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IFC’s financing will support a two-year investment program aimed at helping Astarta — which grows and trades grain and oilseed — purchase modern and efficient farm machinery and construct new storage facilities. The program also aims to improve the company’s resource efficiency and competitiveness by modernizing its sugar plants. This would help reduce the use of gas, electricity, and water.
|Viktor Ivanchyk, chief executive officer at Astarta|
“We are focusing on operational and production efficiency to remain strong and globally competitive,” said Viktor Ivanchyk, chief executive officer at Astarta. “IFC’s continued financial support will help us reach a new level in resource efficiency and support us as we strive to innovate and boost our exports.”
The investment is part of IFC’s strategy to strengthen Ukraine’s agribusiness sector and increase the country’s export competitiveness. According to the IFC, Ukraine is one of the world’s biggest agricultural exporters, accounting for about 10% of global grain exports. Astarta supplies grain to Asia, North Africa, and the Middle East.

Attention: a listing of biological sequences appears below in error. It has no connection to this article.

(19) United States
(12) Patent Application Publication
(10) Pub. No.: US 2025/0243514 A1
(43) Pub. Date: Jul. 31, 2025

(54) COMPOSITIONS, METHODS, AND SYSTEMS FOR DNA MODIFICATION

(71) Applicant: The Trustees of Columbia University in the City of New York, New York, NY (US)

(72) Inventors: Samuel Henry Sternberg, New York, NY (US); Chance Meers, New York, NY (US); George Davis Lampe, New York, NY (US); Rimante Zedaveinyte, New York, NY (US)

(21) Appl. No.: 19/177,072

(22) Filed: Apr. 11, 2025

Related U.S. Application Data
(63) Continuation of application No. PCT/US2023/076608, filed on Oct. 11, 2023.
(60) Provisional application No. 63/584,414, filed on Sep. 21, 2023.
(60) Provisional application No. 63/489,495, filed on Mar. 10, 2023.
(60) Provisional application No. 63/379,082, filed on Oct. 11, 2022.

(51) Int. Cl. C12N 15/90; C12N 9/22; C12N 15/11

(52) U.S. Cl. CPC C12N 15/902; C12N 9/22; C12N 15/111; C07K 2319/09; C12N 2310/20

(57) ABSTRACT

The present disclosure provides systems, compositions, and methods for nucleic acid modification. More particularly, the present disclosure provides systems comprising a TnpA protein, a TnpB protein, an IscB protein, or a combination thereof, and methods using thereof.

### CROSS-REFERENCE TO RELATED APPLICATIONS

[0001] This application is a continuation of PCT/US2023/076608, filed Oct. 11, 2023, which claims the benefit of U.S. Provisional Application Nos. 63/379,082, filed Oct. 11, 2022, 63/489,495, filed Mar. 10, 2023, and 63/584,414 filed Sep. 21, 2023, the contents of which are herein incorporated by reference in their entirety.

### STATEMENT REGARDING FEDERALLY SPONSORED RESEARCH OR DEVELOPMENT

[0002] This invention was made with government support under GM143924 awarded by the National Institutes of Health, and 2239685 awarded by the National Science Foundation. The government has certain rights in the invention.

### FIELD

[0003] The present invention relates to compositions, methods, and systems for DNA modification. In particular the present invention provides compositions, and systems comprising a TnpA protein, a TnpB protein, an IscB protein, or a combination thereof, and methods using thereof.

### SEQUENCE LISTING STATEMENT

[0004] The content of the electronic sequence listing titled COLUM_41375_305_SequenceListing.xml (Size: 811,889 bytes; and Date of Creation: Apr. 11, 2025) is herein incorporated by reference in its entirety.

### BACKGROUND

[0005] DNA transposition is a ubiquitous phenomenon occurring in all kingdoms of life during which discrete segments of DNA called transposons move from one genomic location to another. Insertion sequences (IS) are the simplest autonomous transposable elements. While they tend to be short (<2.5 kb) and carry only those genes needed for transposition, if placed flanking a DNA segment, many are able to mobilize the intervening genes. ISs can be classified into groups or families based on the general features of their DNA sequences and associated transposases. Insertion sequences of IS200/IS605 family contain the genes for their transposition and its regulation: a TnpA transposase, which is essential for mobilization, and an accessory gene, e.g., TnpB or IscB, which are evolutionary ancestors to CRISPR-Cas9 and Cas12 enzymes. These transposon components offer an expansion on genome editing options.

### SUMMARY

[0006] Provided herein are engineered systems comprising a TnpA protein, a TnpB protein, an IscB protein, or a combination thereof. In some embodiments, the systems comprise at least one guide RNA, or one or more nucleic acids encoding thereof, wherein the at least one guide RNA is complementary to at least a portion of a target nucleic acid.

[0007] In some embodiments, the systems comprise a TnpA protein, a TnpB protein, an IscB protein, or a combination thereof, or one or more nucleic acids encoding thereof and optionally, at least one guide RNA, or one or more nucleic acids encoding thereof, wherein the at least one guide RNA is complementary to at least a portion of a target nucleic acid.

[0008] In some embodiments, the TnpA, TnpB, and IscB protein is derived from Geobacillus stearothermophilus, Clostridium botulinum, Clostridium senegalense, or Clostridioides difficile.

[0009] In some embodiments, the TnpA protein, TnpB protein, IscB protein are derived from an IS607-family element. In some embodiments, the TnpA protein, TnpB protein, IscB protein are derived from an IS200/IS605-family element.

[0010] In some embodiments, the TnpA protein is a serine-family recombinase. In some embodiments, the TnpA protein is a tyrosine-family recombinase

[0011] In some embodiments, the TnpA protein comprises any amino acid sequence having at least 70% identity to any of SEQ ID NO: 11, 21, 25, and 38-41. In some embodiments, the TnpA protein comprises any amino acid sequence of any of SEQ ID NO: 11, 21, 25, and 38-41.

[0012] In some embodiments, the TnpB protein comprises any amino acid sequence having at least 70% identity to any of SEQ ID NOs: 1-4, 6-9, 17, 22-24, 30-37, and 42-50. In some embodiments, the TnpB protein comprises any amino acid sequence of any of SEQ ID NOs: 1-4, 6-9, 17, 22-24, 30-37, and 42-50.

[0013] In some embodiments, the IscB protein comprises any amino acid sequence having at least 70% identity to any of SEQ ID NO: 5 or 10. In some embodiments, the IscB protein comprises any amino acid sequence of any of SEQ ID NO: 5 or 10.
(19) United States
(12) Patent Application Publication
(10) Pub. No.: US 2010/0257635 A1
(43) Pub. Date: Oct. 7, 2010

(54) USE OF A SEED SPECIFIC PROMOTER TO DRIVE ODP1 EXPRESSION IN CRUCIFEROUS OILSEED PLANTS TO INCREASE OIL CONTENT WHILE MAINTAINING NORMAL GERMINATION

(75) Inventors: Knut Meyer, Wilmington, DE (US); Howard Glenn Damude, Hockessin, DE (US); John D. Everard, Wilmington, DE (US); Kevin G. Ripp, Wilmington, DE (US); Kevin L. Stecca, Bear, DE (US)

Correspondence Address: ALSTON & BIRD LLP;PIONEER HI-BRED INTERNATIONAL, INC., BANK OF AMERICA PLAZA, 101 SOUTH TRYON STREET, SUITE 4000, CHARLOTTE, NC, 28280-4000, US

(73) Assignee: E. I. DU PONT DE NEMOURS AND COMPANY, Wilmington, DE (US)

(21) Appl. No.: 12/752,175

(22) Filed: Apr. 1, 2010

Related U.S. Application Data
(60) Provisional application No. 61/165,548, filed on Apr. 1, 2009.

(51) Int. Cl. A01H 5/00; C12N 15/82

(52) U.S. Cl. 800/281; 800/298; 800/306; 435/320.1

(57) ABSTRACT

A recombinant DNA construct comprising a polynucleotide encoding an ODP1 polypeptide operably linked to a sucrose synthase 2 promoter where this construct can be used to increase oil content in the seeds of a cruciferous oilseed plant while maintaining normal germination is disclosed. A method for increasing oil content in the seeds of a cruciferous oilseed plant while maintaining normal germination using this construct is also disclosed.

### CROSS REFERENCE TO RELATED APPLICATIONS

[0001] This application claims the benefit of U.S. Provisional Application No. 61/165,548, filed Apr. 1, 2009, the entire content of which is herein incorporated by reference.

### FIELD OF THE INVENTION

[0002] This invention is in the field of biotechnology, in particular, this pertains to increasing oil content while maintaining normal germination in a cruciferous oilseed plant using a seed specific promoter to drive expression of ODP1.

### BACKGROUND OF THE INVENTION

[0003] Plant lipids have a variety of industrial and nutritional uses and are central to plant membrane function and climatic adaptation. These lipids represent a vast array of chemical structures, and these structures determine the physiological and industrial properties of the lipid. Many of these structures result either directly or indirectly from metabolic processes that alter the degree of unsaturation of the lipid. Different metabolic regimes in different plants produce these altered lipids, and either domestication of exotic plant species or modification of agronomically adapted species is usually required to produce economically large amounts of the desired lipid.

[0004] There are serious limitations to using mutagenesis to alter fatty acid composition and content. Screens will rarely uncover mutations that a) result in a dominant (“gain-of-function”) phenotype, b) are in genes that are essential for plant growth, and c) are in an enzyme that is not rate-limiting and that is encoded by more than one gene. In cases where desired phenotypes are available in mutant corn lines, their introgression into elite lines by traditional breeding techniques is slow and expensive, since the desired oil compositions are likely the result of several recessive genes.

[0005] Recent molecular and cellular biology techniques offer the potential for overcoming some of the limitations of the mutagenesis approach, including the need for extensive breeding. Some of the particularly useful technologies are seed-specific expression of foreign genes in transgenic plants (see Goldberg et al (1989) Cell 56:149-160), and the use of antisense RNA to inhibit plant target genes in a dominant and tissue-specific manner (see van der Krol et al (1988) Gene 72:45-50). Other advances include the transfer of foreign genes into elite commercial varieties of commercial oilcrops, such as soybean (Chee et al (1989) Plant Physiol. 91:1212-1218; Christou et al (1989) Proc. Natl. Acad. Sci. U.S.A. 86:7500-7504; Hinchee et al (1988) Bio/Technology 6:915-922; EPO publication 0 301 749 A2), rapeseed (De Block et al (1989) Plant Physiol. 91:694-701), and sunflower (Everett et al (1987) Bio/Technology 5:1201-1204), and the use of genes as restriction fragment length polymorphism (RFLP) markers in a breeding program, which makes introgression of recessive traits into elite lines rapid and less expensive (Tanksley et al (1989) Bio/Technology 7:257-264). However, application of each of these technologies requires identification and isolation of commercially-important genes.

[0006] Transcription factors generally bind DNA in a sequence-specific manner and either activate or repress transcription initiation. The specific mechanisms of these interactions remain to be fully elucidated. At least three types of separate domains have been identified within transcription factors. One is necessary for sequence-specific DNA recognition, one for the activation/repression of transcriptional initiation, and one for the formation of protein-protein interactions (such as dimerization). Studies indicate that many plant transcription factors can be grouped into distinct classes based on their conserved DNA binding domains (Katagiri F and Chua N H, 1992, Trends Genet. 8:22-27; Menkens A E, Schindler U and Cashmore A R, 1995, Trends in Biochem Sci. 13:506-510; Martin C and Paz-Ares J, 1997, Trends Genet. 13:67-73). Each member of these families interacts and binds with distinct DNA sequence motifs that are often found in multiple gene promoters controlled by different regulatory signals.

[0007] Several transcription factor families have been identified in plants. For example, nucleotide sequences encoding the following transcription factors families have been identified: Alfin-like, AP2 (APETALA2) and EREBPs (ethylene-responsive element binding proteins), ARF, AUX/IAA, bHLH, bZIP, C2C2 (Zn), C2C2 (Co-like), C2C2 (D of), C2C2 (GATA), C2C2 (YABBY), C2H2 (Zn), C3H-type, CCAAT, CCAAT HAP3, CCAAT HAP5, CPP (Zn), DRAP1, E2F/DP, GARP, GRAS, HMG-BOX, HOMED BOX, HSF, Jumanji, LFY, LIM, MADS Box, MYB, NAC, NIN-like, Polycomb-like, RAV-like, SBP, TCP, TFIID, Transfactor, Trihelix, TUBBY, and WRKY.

|Stephanie von Friedeburg, IFC’s chief operating officer|
“With its fertile land and favorable geography, Ukraine has the potential to become a global agribusiness leader and play a vital role in food security,” Stephanie von Friedeburg, IFC’s chief operating officer, said during a signing ceremony in Kiev. “Working with partners like Astarta helps us catalyze private sector growth and innovation in the agribusiness sector and enhance inclusive growth.”
Astarta, an IFC client since 2012, has created nearly 1,000 jobs in rural areas over the last several years, despite Ukraine’s recession. The new project will further integrate farmers into the company’s domestic and global value chains.
IFC said it is a major investor in Ukraine’s agribusiness sector, having invested more than $1 billion to support projects across the value chain, boost innovation, and help producers enter new export markets.